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World-Class Speakers
Highlight FI's L.A. Conference

by Tom Flynn


The following article is from the Secular Humanist Bulletin, Volume 16, Number 3.


Near-record attendance resulted when Free Inquiry presented an unprecedented lineup of speakers at its twentieth anniversary conference, "Imagine There's No Heaven: A Future Without Religion" in Los Angeles, California, on May 4-7.

Council for Secular Humanism chairman and Free Inquiry editor-in-chief Paul Kurtz opened the proceedings, which attracted about 500 participants from across the United States and internationally. Kurtz reflected on Free Inquiry's 20 years of publication and the many issues of global importance in which it has been involved.

Longtime U.S. Senator, now peace activist, Alan Cranston was the keynote speaker, reminding listeners that despite the end of the Cold War the menace of thermonuclear weapons remains real. If anything, Cranston pointed out, the USSR's devolution into cash-strapped contending states, several of which hold nuclear weapons on their territories, make the nuclear equation more unstable than ever before.

Evolutionary biologist E. O. Wilson accepted the Morris Forkosch Award for best humanist book of the year for his magisterial Consilience: The Unity of Knowledge, a clarion call for all knowledge to be re-united under the banner of scientific inquiry. In an illustrated lecture he demonstrated how once-separate areas of inquiry in biology, politics, and the social sciences are revealing unexpected parallels, showing promise to "jump together" in a unified, more productive approach to the organizing of human knowledge.

Author-feminist (and Free Inquiry Senior Editor) Taslima Nasrin has been exiled from her native Bangladesh because of an Islamic fatwa triggered by her uncompromising defense of human rights and women's equality. Ms. Nasrin accepted an award from the Council for Secular Humanism and addressed an overflow luncheon crowd on "Confronting Religious Extremism."

In a riveting plenary session, Pulitzer Prize-winning science writer Jared Diamond, SETI pioneer Jill Tarter (inspiration for the character played by Jodie Foster in the film Contact), and fuzzy logic theorist Bart Kosko gave mind-stretching presentations on "Scientific Revolutions of the Twenty-First Century."

In a presentation that maximized our access (through Center for Inquiry West) to the L.A. entertainment community, panelists including sitcom actor-director Peter Bonerz and actor William B. Davis, the atheist and skeptic who plays the Cigarette-Smoking Man on The X-Files, probed "Reason and Superstition in the Entertainment Industry."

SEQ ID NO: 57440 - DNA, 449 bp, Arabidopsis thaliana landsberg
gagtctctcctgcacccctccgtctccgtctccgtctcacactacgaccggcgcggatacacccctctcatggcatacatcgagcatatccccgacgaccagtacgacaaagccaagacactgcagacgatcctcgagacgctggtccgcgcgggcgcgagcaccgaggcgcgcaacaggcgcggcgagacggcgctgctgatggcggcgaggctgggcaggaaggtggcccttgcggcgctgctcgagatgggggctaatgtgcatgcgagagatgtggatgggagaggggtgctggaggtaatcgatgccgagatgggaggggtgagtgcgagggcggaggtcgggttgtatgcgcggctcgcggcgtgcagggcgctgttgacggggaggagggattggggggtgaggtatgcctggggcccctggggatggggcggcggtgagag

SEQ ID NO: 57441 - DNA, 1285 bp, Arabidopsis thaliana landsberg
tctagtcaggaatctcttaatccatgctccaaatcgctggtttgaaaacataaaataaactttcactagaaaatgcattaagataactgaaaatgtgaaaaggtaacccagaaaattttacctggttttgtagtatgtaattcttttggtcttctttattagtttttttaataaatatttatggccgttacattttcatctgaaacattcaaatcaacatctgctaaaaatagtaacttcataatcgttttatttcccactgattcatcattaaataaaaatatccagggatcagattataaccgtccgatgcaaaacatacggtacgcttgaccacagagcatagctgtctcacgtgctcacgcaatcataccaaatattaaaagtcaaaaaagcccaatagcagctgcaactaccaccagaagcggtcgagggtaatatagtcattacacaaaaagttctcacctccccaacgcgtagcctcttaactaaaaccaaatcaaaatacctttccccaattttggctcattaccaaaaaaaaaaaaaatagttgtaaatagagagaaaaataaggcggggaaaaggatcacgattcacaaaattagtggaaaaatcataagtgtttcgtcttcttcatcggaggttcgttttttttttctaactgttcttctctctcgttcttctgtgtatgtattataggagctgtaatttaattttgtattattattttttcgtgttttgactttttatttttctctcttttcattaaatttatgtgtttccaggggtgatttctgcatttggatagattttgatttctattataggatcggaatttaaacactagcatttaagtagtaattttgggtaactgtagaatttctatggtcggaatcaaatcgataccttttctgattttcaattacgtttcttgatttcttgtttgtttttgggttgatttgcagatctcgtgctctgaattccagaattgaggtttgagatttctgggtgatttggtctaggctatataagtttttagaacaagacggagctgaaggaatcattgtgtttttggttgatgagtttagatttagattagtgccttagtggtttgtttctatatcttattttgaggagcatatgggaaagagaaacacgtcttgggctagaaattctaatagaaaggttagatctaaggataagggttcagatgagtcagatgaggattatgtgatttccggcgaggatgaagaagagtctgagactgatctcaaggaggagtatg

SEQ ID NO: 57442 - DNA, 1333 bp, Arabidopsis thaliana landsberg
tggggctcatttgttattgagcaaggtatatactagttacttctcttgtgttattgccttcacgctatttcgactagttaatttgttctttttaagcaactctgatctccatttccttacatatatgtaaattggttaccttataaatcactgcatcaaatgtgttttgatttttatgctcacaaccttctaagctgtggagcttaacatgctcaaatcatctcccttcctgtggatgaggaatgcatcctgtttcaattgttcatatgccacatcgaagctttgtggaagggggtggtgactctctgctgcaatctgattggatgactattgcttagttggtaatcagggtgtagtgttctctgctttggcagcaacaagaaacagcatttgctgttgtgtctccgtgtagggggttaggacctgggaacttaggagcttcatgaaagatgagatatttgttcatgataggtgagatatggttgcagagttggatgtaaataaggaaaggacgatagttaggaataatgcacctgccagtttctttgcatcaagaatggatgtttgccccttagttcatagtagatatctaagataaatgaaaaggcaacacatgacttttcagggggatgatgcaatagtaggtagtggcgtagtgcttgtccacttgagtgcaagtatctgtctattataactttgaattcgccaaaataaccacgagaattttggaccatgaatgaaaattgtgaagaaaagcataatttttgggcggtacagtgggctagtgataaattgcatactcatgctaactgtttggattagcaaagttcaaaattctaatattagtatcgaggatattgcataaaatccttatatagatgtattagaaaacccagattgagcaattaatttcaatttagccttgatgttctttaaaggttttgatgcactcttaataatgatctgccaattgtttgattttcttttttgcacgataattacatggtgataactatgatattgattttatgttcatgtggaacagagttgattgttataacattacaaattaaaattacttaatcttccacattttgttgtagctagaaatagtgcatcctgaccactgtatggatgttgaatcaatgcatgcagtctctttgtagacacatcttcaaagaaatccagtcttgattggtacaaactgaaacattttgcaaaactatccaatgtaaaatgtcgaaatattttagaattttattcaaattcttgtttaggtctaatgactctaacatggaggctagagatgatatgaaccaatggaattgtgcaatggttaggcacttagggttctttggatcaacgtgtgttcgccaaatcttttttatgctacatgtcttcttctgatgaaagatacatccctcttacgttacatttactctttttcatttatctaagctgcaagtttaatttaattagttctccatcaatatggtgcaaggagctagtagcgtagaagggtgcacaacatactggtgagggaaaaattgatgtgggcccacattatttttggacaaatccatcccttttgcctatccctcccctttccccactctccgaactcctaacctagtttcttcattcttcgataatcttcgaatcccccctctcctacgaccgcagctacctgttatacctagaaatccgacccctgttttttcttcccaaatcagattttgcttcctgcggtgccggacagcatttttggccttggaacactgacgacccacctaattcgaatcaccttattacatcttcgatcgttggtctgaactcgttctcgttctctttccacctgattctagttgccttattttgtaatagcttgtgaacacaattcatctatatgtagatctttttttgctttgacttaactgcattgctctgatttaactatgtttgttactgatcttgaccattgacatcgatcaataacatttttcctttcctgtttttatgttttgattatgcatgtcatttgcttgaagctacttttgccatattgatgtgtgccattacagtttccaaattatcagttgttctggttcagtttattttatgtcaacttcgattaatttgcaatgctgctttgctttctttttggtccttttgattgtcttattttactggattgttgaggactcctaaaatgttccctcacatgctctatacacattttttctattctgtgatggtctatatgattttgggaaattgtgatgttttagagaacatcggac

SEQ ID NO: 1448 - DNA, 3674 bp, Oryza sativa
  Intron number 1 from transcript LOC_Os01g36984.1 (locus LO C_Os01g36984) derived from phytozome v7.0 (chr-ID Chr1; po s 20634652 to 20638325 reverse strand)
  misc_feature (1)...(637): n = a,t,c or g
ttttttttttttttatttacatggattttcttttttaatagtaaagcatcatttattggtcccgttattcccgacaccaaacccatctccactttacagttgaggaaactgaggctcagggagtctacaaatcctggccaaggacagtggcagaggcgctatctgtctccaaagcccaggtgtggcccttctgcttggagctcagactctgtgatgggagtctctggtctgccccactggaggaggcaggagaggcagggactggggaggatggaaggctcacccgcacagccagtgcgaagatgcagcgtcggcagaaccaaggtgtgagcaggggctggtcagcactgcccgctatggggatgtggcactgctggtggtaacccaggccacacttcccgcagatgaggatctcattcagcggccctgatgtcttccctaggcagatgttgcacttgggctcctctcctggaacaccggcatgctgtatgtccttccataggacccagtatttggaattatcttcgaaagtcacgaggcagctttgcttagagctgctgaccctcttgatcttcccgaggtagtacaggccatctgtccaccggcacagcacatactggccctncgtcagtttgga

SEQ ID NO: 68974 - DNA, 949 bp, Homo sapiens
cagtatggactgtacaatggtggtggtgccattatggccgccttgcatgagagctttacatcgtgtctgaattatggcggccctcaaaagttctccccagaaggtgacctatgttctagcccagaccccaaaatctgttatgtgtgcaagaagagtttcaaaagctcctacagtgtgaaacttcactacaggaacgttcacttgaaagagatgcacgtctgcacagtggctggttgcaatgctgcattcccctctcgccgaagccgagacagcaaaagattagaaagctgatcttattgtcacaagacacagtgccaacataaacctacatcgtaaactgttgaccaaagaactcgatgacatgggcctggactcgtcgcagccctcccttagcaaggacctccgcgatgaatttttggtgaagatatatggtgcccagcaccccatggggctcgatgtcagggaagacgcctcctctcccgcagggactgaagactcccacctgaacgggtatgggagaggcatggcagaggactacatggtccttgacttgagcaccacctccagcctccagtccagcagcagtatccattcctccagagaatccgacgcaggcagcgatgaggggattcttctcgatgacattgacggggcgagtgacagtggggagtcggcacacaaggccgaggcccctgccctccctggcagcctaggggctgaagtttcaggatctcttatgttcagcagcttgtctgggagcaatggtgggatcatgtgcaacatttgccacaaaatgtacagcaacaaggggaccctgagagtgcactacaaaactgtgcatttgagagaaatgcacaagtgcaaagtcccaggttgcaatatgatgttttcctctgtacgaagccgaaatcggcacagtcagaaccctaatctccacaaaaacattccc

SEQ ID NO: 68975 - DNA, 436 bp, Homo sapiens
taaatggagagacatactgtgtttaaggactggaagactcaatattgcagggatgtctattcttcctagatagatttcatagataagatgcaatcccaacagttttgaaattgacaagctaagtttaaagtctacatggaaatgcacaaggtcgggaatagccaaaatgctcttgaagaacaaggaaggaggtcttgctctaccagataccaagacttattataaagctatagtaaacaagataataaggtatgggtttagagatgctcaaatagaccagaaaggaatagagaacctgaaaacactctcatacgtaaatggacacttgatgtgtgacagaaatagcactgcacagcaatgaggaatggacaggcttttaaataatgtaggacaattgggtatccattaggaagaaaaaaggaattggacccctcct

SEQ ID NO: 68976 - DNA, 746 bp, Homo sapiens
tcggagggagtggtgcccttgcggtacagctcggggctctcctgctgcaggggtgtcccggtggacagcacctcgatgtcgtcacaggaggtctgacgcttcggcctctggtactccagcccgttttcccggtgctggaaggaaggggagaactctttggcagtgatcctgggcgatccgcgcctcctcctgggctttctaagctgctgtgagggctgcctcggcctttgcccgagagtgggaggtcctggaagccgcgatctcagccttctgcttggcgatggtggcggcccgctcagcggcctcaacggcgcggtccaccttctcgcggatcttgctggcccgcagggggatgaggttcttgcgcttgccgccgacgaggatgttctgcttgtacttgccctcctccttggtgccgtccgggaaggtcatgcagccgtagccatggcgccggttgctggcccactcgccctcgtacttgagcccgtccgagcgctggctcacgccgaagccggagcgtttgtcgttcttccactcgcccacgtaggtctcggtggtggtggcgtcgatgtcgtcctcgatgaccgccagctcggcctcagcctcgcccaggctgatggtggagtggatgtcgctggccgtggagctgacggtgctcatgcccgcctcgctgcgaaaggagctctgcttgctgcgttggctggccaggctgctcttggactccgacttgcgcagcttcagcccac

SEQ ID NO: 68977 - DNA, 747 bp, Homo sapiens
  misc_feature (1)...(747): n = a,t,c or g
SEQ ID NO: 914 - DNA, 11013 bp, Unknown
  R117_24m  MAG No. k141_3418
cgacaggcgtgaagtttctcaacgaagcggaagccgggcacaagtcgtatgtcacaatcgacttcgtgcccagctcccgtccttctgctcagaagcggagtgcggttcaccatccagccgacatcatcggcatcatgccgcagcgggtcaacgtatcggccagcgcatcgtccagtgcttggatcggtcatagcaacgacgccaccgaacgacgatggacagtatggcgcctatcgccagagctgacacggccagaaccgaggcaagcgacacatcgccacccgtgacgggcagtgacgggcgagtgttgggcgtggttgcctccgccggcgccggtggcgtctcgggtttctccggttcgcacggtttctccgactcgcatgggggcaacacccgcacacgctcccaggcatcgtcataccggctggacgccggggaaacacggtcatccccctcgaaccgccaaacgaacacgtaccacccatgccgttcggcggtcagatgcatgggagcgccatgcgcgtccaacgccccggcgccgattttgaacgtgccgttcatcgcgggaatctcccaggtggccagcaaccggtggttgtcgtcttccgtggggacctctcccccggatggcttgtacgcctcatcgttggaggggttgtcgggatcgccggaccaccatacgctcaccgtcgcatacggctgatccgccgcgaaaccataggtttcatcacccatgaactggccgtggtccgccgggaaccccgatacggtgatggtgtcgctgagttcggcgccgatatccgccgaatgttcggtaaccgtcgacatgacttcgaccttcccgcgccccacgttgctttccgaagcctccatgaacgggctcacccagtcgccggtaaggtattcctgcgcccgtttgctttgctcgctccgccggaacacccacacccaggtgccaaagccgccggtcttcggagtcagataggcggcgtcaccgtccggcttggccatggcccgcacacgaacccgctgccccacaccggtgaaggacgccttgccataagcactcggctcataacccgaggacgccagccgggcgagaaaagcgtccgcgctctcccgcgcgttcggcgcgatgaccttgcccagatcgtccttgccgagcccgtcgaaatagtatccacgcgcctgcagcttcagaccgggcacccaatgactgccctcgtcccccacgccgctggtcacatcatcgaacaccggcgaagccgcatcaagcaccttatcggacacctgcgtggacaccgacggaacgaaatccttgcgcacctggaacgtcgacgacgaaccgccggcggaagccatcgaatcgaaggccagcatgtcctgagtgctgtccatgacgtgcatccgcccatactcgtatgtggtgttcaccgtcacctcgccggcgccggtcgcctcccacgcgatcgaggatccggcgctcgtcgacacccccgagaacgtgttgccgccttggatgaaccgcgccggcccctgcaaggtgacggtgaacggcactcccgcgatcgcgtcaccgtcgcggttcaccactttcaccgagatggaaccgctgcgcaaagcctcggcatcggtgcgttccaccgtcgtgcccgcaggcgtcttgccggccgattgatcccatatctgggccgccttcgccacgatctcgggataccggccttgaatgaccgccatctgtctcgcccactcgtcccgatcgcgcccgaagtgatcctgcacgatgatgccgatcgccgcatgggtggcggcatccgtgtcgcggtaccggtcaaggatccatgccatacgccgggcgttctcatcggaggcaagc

With its large Iranian expatriate community, Los Angeles has long been a center for activism against Islamic fundamentalism. Speakers on this topic included Taslima Nasrin; Ibn Warraq, author of Why I Am Not a Muslim; and Parvin Darabi, who co-wrote Rage Against the Veil to commemorate her sister, Iranian dissident Homa Darabi, who immolated herself in 1994 to protest the status of women under fundamentalist Islam.

Other sessions featured International Humanist and Ethical Union (IHEU) director Babu Gogineni and Norwegian humanist activist Levi Fragell on international humanism, a controversial presentation on sexuality featuring Free Inquiry Senior Editor Vern Bullough and radio sex therapist Suzy Block; and a special appearance by author-entertainer Steve Allen, defending his recent calls for a return to decency in American entertainment.

Other presentations explored campus freethought, the future of Mormonism, threats to the First Amendment, and more. Entertainment included a live appearance by Sixties icon and satirist Paul Krassner, whose standup routine in the Wyndham Hotel LAX penthouse was recorded for his forthcoming album.

Humanists from around the world attended an IHEU board of directors meeting, held just before the conference at the Center for Inquiry West. In addition, the conference provided an occasion for meetings of the Campus Freethought Alliance, Young Freethinkers Alliance, First Amendment Task Force, Alliance of Secular Humanist Societies, and the Institute for the Secularization of Islamic Societies.

As befits the nation's media capital, the Los Angeles conference was "media-active" in every way. This was the first Free Inquiry conference for which attendees could register on line at our Web site, www.secularhumanism.org.  In addition, several television crews recorded part or all of the conference proceedings, and conference audiotapes were available onsite within 90 minutes of the end of each session. Finally, the largest book and merchandise room ever assembled at a Free Inquiry conference offered an unprecedented selection of books, tapes, CD-ROMs, freethought garments, bumper stickers, and other tough-to-find items.

Free Inquiry's next conference has been tentatively scheduled for October, 2001. The conference city and theme will be announced shortly. 


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